This session will introduce the CSP project and its goals to the community at large, provide a status update, and solicit community feedback on project goals and roll out.

Primary contact: Andy Frassetto (EarthScope Consortium; andy.frassettoat

Conference Center Rm 103

Interferometric Synthetic Aperture Radar (InSAR) data-products management and education are increasingly critical to the geophysics research community. Over the past three decades, InSAR methods have moved from capturing only snapshots of the earthquake deformation cycle, to constraining multidecadal processes that encompass the fields of active tectonics, volcanology, geomorphology, hydrology, and cryosphere sciences.

Looking beyond the end of the current GAGE facility, there is an opportunity to reimagine the future of community-driven InSAR data products and facility support for the InSAR community, including objectives and opportunities. This session, organized by the WInSAR ad-hoc committee, will present ideas and seek community feedback on the community’s needs for InSAR and other types of geodetic imaging data hosting, software and products.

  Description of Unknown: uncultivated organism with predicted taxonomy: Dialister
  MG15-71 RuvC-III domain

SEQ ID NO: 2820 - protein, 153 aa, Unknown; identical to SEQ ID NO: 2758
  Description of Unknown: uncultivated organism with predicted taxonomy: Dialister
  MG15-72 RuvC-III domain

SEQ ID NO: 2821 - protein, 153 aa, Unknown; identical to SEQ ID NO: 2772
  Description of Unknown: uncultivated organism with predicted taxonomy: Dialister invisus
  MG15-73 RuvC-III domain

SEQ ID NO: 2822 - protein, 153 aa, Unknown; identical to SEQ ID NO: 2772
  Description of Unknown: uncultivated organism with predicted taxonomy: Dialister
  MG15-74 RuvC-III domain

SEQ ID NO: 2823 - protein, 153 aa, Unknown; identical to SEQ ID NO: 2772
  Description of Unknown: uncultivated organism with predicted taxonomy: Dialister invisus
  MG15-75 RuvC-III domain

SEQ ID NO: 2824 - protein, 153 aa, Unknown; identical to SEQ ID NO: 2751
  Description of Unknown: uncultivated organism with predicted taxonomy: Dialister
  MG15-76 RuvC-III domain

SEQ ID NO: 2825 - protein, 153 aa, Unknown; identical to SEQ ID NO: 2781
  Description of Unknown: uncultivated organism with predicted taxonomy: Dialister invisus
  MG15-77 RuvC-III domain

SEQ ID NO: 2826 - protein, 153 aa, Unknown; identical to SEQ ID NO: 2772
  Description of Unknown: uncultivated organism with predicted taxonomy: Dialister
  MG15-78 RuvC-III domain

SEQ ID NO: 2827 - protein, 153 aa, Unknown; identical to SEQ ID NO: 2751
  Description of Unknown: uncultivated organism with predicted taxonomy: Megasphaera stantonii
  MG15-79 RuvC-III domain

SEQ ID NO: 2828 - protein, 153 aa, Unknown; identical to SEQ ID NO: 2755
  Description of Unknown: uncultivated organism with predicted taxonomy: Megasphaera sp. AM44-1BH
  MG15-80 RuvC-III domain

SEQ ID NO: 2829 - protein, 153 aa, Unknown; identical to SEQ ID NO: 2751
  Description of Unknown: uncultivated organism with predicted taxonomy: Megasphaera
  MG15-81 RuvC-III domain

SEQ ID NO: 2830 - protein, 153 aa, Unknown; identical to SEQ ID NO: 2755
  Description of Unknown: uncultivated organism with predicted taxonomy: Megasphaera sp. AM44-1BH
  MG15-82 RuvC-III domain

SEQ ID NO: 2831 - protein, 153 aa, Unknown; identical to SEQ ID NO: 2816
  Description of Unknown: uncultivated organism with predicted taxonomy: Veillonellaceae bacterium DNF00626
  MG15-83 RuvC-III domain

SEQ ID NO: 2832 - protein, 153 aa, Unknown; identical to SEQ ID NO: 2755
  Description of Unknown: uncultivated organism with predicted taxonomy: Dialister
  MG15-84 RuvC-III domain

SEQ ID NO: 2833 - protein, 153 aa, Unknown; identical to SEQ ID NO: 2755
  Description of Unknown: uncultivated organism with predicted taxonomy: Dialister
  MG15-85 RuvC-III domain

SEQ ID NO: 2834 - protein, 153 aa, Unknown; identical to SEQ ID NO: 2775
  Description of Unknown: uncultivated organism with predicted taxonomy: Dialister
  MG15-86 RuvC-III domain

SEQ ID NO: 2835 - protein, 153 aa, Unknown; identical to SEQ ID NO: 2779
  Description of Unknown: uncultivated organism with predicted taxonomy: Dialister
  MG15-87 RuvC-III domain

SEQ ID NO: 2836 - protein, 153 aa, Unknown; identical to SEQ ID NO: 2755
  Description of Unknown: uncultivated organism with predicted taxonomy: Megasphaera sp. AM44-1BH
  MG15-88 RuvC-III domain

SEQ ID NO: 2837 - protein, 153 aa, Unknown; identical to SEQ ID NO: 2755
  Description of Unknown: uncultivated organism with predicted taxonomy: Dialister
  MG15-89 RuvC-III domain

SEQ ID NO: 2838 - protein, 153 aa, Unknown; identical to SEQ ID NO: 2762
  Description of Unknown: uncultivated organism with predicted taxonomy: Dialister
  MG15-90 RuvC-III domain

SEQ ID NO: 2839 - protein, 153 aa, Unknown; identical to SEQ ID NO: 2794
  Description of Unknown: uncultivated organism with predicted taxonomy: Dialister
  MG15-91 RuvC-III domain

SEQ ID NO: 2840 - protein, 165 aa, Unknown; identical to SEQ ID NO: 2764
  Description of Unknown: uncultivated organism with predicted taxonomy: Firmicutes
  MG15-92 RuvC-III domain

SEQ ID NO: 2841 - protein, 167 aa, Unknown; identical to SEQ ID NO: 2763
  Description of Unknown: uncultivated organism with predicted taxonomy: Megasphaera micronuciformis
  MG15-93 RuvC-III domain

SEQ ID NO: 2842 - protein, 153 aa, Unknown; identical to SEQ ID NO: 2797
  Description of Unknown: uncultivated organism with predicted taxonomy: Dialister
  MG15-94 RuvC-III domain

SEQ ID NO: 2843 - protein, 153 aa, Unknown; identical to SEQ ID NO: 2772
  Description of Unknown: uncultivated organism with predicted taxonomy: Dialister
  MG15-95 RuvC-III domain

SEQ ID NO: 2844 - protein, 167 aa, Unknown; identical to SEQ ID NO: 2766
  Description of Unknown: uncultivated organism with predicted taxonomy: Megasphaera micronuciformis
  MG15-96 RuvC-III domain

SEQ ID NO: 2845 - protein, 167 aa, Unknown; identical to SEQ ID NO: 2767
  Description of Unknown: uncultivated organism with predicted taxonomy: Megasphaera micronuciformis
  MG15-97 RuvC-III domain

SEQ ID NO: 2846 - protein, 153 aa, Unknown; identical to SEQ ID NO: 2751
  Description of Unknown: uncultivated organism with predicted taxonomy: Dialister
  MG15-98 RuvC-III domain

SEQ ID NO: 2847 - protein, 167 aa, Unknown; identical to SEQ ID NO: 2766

WInSAR was established by a group of practicing scientists and engineers to facilitate advancement of Earth science research using radar remote sensing. WInSAR formed under the auspices of the Southern California Earthquake Center (SCEC) in 1999 and became part of UNAVCO in 2006. Its current members include universities, research laboratories, and public agencies. Today, the WInSAR community includes over 320 member institutions from around the world. The historical objectives of WInSAR include: 1) promoting the use and development of InSAR technology for scientific investigations; 2) acquiring SAR imagery in western North America from sources that do not routinely provide free, open and unlimited access to data; 3) advocating the open exchange of SAR data and disseminating data for use by member organizations; 4) providing value-added InSAR products; and 5) educating and training the scientific community on software use and InSAR applications.

Primary contact: Eric Lindsey (University of New Mexico, eolat

Conference Center Rm 102